The announcement by the UK-based Daily Mail that it will launch an online-only Australian version from 2014 confirms we are now in a period of radical restructuring of the Australian news media.
And it will potentially have huge significance for established players in the print/online space – Fairfax and News Ltd especially.
Following the success of the Guardian’s entry into the Australian market earlier this year – the Guardian team won a Walkley in Brisbane on Thursday night, for multimedia storytelling – the UK Mail has decided to follow suit with a local edition of the Daily Mail Online.
The Mail will team up with Nine Entertainment’s digital division Mi9 to provide a localised version of the site, which is already hugely successful in the UK and the US, with 57 million monthly users.
Like the Guardian, and unlike the News Corp and Fairfax online titles, Daily Mail Australia will be free. It will employ up to fifty staff, and aspires to be Australia’s “top digital news brand”.
The response of News Corp and Fairfax to this bravado has been one of “nothing to see here, move on”, but the managers of those already struggling news organisations must be feeling considerable anxiety about the implications for their own digital strategies of yet another new entrant to the market.
And well they might. The Guardian has made a huge impact on Australian journalism since its launch, and we can expect the Mail Online to do likewise.
It’s targeting a different market from the Guardian, which will not therefore be its main competitor – it’s a mid-market tabloid, not a elite broadsheet – and it will have a different editorial slant.
So if the Guardian has challenged The Australian, The Age and the Sydney Morning Herald with its free online provision, the Mail will be up against the News Corp and Murdoch tabloids.
In doing so, it has the advantage of great celebrity, entertainment and lifestyle coverage, and a very elegant and easy to use website design, far superior in this writer’s opinion to anything currently on the market in Australia.
The Mail Online won’t make me cancel my subscription to The Australian app, but it might make me think twice if the choice was between the Courier Mail and the UK Mail, one free and the other not.
Editorial bias aside, the Daily Mail is a very readable publication, and one of the UK’s most successful titles. It has broken into the US market with its online edition, and already has one million monthly users in Australia before localisation takes effect.
What we see unfolding is the convergence of the global and the local made possible by digital technology, and it is a potent offering.
Back in the heyday of print, the Mail launched a local edition of its national UK title in Scotland, where I then lived and worked. It launched by giving away copies for several weeks, then selling at well below cost price. Today it sells around 120,000 copies in Scotland, more than any local title except the mass market tabloids.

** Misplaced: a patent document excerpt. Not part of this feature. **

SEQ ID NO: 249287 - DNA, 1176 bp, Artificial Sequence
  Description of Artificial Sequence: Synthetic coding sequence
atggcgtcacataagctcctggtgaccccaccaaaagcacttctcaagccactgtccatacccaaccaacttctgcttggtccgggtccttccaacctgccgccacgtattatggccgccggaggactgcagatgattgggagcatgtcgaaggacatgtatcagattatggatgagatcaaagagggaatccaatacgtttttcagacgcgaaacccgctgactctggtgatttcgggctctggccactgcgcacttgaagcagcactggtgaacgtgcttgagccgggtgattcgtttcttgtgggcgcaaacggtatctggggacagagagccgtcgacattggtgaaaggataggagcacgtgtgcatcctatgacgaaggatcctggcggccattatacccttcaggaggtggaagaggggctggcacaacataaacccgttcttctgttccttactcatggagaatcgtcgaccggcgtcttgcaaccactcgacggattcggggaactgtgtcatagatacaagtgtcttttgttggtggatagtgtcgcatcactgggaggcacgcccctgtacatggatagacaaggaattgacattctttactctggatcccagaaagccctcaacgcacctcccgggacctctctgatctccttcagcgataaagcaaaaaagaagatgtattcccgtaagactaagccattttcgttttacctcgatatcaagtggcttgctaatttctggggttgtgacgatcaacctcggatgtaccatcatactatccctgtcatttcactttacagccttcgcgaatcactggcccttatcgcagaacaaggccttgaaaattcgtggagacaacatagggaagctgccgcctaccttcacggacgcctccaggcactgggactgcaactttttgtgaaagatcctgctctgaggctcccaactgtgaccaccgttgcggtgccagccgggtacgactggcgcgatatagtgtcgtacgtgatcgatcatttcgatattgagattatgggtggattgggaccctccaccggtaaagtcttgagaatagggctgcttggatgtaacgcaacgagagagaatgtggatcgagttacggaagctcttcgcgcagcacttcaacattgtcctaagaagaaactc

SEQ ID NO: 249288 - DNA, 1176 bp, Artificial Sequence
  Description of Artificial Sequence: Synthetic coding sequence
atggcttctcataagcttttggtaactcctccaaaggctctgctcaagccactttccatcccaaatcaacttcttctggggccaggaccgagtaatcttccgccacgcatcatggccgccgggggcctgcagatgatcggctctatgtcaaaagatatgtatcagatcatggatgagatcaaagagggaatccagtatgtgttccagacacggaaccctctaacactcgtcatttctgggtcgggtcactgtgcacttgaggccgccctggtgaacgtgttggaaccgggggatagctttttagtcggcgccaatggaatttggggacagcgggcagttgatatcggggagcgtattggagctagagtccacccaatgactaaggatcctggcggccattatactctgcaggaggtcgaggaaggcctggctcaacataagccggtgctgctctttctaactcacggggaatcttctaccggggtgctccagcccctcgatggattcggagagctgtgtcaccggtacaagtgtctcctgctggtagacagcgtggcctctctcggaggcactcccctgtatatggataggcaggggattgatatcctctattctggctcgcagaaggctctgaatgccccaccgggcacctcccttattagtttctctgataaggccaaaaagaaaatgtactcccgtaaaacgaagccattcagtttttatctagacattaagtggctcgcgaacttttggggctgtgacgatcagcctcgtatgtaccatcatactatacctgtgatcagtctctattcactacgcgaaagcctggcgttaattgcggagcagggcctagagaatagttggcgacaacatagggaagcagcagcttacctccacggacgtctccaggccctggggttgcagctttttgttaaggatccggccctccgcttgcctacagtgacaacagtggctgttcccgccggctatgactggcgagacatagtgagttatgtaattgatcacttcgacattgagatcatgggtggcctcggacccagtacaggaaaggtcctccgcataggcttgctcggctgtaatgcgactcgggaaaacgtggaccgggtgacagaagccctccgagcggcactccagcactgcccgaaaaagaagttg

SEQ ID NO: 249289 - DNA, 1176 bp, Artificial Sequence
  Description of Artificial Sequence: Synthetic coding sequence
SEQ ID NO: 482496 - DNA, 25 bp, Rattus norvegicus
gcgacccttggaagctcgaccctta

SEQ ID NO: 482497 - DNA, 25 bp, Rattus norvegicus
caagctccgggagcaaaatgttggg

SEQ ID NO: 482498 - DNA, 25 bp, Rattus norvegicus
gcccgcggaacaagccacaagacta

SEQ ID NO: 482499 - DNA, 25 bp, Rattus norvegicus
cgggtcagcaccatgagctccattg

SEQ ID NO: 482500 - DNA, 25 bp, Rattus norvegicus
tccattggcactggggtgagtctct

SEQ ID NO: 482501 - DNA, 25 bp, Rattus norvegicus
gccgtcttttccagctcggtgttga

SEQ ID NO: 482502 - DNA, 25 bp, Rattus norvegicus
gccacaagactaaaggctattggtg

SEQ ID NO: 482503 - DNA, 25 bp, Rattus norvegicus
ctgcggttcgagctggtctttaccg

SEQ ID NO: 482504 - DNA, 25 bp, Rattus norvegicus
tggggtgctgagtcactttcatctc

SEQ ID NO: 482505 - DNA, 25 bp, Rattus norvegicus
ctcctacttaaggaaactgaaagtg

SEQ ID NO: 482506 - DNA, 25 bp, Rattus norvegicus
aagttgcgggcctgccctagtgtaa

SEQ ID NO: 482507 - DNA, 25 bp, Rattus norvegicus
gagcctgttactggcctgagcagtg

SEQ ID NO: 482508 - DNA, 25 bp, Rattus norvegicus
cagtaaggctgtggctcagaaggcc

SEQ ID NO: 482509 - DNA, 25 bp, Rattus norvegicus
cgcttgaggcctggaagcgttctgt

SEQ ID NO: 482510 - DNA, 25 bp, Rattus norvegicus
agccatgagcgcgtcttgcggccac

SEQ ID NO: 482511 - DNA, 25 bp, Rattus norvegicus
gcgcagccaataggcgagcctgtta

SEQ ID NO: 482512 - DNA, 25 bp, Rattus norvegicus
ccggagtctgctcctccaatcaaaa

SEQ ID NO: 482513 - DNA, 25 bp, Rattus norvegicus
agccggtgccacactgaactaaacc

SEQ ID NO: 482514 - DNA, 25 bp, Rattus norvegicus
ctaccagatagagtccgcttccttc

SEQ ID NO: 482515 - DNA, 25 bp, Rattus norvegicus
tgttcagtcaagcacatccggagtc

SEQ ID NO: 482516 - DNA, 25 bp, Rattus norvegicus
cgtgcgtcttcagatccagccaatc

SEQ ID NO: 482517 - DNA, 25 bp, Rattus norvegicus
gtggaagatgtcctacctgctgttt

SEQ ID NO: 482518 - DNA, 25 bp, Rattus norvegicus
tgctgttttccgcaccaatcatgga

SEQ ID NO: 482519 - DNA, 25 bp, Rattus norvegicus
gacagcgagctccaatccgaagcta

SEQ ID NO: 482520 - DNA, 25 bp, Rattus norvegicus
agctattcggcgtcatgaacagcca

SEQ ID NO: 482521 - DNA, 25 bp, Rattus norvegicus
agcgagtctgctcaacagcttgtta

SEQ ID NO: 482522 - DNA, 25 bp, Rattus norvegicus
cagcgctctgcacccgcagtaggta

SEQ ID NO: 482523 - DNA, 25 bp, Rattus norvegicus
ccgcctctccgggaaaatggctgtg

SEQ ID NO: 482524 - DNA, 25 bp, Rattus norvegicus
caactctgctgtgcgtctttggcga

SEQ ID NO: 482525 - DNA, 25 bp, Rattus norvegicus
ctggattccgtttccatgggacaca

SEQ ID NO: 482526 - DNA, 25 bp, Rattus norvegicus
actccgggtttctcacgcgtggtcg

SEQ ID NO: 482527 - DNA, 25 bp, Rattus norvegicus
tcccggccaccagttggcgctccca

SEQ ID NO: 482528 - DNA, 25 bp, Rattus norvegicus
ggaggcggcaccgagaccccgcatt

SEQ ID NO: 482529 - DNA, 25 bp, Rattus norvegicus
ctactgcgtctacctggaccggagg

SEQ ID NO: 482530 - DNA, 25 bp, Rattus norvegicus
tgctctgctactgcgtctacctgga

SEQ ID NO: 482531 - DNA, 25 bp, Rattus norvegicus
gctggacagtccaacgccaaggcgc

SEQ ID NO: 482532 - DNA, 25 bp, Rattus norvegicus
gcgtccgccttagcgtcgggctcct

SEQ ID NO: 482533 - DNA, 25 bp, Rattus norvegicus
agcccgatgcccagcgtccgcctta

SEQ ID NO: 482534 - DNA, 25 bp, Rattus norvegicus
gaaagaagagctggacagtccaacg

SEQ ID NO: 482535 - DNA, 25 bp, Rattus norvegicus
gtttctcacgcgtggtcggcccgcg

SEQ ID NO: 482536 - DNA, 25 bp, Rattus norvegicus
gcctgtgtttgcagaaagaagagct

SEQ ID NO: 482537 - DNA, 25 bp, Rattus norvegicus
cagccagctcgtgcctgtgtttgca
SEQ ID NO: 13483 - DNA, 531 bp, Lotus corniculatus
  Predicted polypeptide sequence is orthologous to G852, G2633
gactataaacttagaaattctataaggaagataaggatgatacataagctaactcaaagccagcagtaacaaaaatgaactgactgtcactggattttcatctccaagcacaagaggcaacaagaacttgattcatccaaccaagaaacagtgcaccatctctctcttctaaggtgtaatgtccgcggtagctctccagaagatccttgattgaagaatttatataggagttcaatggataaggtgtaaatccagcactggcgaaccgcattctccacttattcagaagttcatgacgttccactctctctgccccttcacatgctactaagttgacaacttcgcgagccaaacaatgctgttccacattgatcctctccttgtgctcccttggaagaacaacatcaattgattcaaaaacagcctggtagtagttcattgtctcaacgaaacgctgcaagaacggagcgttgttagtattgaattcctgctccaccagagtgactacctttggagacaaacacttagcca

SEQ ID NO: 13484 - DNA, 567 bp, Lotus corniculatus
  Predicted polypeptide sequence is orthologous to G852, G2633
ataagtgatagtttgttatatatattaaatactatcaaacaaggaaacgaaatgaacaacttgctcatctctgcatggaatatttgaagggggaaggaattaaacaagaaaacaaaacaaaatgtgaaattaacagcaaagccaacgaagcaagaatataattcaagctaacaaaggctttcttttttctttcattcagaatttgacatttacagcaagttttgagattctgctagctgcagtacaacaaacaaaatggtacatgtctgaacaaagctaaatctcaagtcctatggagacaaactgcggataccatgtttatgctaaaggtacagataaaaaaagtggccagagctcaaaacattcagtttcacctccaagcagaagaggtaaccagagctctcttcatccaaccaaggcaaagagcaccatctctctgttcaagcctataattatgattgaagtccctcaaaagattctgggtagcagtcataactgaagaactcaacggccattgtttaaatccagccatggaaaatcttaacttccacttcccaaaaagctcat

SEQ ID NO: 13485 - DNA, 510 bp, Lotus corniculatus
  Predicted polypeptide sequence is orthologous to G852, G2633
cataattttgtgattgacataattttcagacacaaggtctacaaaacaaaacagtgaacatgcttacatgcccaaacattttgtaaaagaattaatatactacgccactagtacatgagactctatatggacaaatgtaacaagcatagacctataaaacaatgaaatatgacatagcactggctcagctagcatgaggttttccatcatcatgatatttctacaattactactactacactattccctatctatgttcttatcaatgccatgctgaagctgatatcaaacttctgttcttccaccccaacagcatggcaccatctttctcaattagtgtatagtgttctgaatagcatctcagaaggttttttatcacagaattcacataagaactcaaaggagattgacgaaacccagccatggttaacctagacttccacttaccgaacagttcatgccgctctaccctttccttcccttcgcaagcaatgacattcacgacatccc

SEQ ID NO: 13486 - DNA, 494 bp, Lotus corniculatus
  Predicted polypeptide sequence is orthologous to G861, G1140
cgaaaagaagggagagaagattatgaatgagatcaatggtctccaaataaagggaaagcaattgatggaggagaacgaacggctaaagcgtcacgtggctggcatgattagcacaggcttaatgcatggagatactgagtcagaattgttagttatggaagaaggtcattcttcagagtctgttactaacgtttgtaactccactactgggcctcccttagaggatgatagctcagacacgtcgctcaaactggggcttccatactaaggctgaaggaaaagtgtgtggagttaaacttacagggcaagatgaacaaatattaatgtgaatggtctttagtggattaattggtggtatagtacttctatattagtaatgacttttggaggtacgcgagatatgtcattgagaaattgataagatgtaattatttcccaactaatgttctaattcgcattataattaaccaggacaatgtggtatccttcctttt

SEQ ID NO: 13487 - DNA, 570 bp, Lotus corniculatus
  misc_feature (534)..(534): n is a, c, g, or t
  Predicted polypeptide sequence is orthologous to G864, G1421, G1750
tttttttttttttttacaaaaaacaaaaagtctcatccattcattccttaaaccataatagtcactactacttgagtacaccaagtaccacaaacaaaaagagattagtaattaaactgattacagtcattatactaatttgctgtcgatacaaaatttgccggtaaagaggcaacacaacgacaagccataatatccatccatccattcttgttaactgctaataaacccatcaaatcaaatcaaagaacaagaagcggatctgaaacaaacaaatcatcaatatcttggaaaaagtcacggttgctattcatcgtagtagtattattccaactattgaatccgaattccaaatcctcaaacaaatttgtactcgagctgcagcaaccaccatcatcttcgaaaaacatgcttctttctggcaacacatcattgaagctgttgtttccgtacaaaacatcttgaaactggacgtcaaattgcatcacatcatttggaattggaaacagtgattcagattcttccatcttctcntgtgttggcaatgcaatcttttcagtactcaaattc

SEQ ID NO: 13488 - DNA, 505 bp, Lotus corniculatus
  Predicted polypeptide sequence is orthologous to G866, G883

“Editionising”, as it was known by media managers, was also adopted as a strategy by the Sun, the Mirror and other London-based UK titles, who would employ a Scottish editor (or Northern Irish, or northern English) to run a section of the paper with distinctive local stories.
By combining credible local content – that is, enough locally sourced material, and of sufficient journalistic quality to be a real alternative to indigenous titles in the same market – with its well-established national news brand, the managers in London believed that they would be able to compete where before they had been minor players. And they were correct in that belief.
The Murdoch-owned Sun, notoriously right-wing and pro-Tory, launched a local edition in the-then staunchly pro-Labour Scotland in the early 1990s, when its sales were a joke compared to the Daily Record tabloid, which achieved more than 700,000 daily sales at its peak.
But by investing seriously in its journalism north of the border, the Sun’s managers doubled their circulation in seven years, and overtook the Daily Record a decade later. The latter’s circulation had been more than halved in the process, while the Sun’s went from a few tens of thousands to 400,000 – and that’s in a country with five million people.
Could such a phenomenon unfold in Australia, with the online Mail competing against the Herald Sun and the Telegraph? Could a foreign news brand, properly resourced to cover Australia as Australian readers would expect, relegate indigenous titles to second or third place in the ratings?
Yes, is the answer, if the quality is there, and if the indigenous titles fail to respond with original and innovative strategies of their own.
Facebook went from a college project to a $100 billion business in less than a decade. Twitter’s rise was equally rapid.
What’s to stop such a fundamental shift in the structure of the Australian news industry these next few years, as readers acquire the option of accessing free-of-charge high quality, globally recognised journalistic products such as the Mail (and the Guardian), but with the added factor of credible local coverage?
If they can succeed in the US market, they can certainly do so in Australia.